Chicago is the third largest media market in the U.S. “Chi-town” has also been the setting for many popular television shows, including: According to Jim, The Bob Newhart Show, Chicago Hope, ER, and Married with Children.
In addition, many motion pictures have been filmed in the “Windy City,” most notably: The Blues Brothers (1980), Ferris Bueller’s Day Off (1986), Home Alone (1990), The Fugitive (1993), and The Dark Knight (2008).
So, even if you’ve never been to Mike Ditka’s Restaurant in the “Second City,” you recognize Bill Swerski’s Superfans who obsessively discussed “Da Bearss” and “Da Bullss” during the recurring sketch on NBC’s Saturday Night Live (SNL) in 1991-1992.
Even if you’ve never eaten a Chicago-style hot dog that’s been “dragged through the garden,” you know that the best place to order Chicago-style “deep-dish” pizza is in the city that Carl Sandburg called “City of the big shoulders.”
And even if you’ve never read Studs Terkel’s Division Street: America, you understand the rivalry between the North Side and South Side of Chicago that existed long before Al Capone and Bugs Moran split their dueling beer routes along Madison Street back in the 1920s.
That’s why three recent YouTube videos that target Baseball Fans in the “Heart of America” have more universal appeal.
The first is “Cubs Win’ MLB 12 The Show Full Length Commercial.” Uploaded to the PlayStation channel on Mar. 6, 2012, the video ad for MLB The Show, the highest rated sports game for the past four years, has almost 2.8 million views. The video’s description says, “So real, it’s unreal.”
The Chicago Cubs have not won the World Series in 103 years, a longer championship drought than that of any other major North American professional sports team. They are often referred to as “The Lovable Losers” because of this distinction.
The Cubs are also known as “The North Siders” because Wrigley Field, their home park since 1916, is located in Chicago’s north side Lake View community at 1060 West Addison Street. The team has rivalries with the St. Louis Cardinals and the Chicago White Sox.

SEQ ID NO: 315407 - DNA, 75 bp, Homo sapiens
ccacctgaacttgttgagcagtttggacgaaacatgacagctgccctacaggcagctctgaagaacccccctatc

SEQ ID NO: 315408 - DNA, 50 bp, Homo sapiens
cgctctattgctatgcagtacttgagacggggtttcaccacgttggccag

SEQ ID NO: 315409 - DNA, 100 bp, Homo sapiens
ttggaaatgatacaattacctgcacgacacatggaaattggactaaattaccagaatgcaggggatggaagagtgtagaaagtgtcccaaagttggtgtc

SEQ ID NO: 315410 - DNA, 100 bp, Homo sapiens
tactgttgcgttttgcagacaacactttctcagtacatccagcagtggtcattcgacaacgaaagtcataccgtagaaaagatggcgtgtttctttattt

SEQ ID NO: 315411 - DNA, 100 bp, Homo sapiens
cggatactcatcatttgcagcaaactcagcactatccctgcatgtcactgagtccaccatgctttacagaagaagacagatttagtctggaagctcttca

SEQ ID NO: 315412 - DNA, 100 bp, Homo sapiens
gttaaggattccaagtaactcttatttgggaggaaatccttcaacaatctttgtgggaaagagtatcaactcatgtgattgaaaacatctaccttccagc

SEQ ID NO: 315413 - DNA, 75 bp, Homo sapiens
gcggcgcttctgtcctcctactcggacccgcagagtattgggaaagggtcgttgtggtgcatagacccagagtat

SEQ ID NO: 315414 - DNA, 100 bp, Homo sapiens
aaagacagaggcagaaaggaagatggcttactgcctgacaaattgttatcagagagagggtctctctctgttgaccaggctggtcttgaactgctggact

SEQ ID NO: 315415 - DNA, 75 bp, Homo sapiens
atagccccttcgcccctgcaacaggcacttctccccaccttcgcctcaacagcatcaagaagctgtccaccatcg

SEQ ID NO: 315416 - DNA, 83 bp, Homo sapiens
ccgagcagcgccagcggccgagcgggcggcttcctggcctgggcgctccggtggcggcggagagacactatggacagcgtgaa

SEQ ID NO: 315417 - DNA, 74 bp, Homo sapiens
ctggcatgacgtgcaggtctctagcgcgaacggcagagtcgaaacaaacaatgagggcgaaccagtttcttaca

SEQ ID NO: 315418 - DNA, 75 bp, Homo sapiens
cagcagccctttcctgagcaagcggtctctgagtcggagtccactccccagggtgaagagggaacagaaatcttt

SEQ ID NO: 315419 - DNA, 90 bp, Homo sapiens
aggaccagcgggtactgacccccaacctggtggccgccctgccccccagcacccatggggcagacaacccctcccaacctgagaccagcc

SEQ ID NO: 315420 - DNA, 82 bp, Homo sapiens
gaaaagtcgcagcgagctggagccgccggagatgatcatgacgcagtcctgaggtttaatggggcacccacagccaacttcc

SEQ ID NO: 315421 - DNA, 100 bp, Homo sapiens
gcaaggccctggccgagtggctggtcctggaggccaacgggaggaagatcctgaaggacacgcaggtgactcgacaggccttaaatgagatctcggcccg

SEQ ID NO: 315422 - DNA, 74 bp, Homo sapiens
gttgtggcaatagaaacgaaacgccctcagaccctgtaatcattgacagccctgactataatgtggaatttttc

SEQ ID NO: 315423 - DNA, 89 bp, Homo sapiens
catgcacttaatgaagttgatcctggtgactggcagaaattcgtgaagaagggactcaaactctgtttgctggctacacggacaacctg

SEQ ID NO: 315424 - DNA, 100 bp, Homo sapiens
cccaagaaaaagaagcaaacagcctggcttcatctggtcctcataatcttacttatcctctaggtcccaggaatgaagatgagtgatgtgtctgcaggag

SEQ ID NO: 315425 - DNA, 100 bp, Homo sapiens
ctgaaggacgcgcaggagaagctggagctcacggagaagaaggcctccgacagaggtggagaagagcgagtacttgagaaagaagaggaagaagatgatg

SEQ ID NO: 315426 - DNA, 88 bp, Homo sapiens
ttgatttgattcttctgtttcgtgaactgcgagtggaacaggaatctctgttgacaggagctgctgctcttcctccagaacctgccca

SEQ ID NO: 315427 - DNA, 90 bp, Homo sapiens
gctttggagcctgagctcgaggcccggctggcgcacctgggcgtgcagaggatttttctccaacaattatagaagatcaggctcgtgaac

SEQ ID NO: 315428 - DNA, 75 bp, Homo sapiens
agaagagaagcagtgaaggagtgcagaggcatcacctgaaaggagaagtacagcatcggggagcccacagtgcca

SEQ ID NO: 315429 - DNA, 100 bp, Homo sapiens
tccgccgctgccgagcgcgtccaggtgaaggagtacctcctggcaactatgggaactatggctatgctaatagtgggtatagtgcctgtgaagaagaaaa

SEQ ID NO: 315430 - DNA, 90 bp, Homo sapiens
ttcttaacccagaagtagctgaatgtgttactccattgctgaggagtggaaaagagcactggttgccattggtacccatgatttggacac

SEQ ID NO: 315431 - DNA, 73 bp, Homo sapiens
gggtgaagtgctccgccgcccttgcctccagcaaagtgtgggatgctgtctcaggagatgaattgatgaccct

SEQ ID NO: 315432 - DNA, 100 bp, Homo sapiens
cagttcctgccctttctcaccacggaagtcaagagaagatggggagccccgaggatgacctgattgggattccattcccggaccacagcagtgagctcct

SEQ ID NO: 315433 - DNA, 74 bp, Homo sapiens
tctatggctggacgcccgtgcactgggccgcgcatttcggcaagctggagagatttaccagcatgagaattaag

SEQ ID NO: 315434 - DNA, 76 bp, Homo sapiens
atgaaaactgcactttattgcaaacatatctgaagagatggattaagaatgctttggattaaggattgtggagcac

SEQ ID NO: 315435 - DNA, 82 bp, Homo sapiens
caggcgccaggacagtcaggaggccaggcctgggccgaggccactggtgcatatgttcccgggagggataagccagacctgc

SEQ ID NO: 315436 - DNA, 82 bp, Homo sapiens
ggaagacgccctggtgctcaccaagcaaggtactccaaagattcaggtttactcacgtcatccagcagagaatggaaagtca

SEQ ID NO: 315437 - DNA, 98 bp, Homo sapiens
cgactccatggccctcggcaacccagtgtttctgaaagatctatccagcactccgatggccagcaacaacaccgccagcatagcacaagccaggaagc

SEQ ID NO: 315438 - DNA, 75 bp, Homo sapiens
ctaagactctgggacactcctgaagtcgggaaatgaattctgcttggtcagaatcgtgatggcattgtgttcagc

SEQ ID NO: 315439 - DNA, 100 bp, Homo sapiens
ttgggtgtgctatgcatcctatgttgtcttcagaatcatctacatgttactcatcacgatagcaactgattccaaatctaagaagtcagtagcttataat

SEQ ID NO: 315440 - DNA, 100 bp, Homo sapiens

Do you really need to know the backstory of the Curse of the Billy Goat or the details of the Steve Bartman incident to enjoy watching “‘Cubs Win’ MLB 12 The Show”? I don’t think so.
I’m a Boston Red Sox fan who saw Bill Buckner’s fielding error during Game 6 of the 1986 World Series against the New York Mets. And I watched the Curse of the Bambino reversed when the Red Sox came back from a 0-3 best-of-seven deficit to beat the New York Yankees in the 2004 American League Championship Series and then went on to sweep the St. Louis Cardinals to win the 2004 World Series.
And I liked and shared “Cubs Win” after watching it for the first time a couple of weeks ago. Cubs’ fans, I feel your pain.
And I also could relate to “Chicago vs. Chicago: Round 1.” Uploaded to the New Era Cap Company channel on April 4, 2012, this video already has more than 140,000 views. The description says, “The Windy City Showdown begins. Nick Offerman and Craig Robinson go head to head in this long-standing MLB rivalry between the Chicago Cubs and Chicago White Sox. Which side are you on?”
The reason – if reason has anything to do with it – that I could relate to “Chicago vs. Chicago” so readily was explained 7 months ago in my post, “New Era Video Ads Succeed by Taking Yankees-Red Sox Rivalry Seriously.” But Los Angeles Dodgers and San Francisco Giants fans also know what I’m talking about.
This brings us to the third video, “.” Uploaded to the Nike Windy City channel on April 4, 2012, this video has over 10,000 views. The description says, “Spring is over. Time to pick a side: #Northside or #Southside.”
Now, Major League Baseball (MLB) rivalries aren’t limited to the “Crosstown Classic” between the Cubs and White Sox, which is also called “The Windy City Showdown” and “Red Line Series.” Ever heard of the Subway Series between the New York Mets and New York Yankees? How about the Bay Bridge Series between the Oakland Athletics and San Francisco Giants?
So, the three videos above tap into powerful emotions that are shared by baseball fans far beyond “The Big Onion.”
According to Nielsen @Plan Q3’11, 58 percent of all Baseball Fans are on YouTube. That’s 2.2 million out of 3.7 million males who play baseball or have purchased tickets to a baseball game. In fact, YouTube reaches more Baseball Fans than Yahoo! Sports, ESPN, MLB.com, and SB Nation.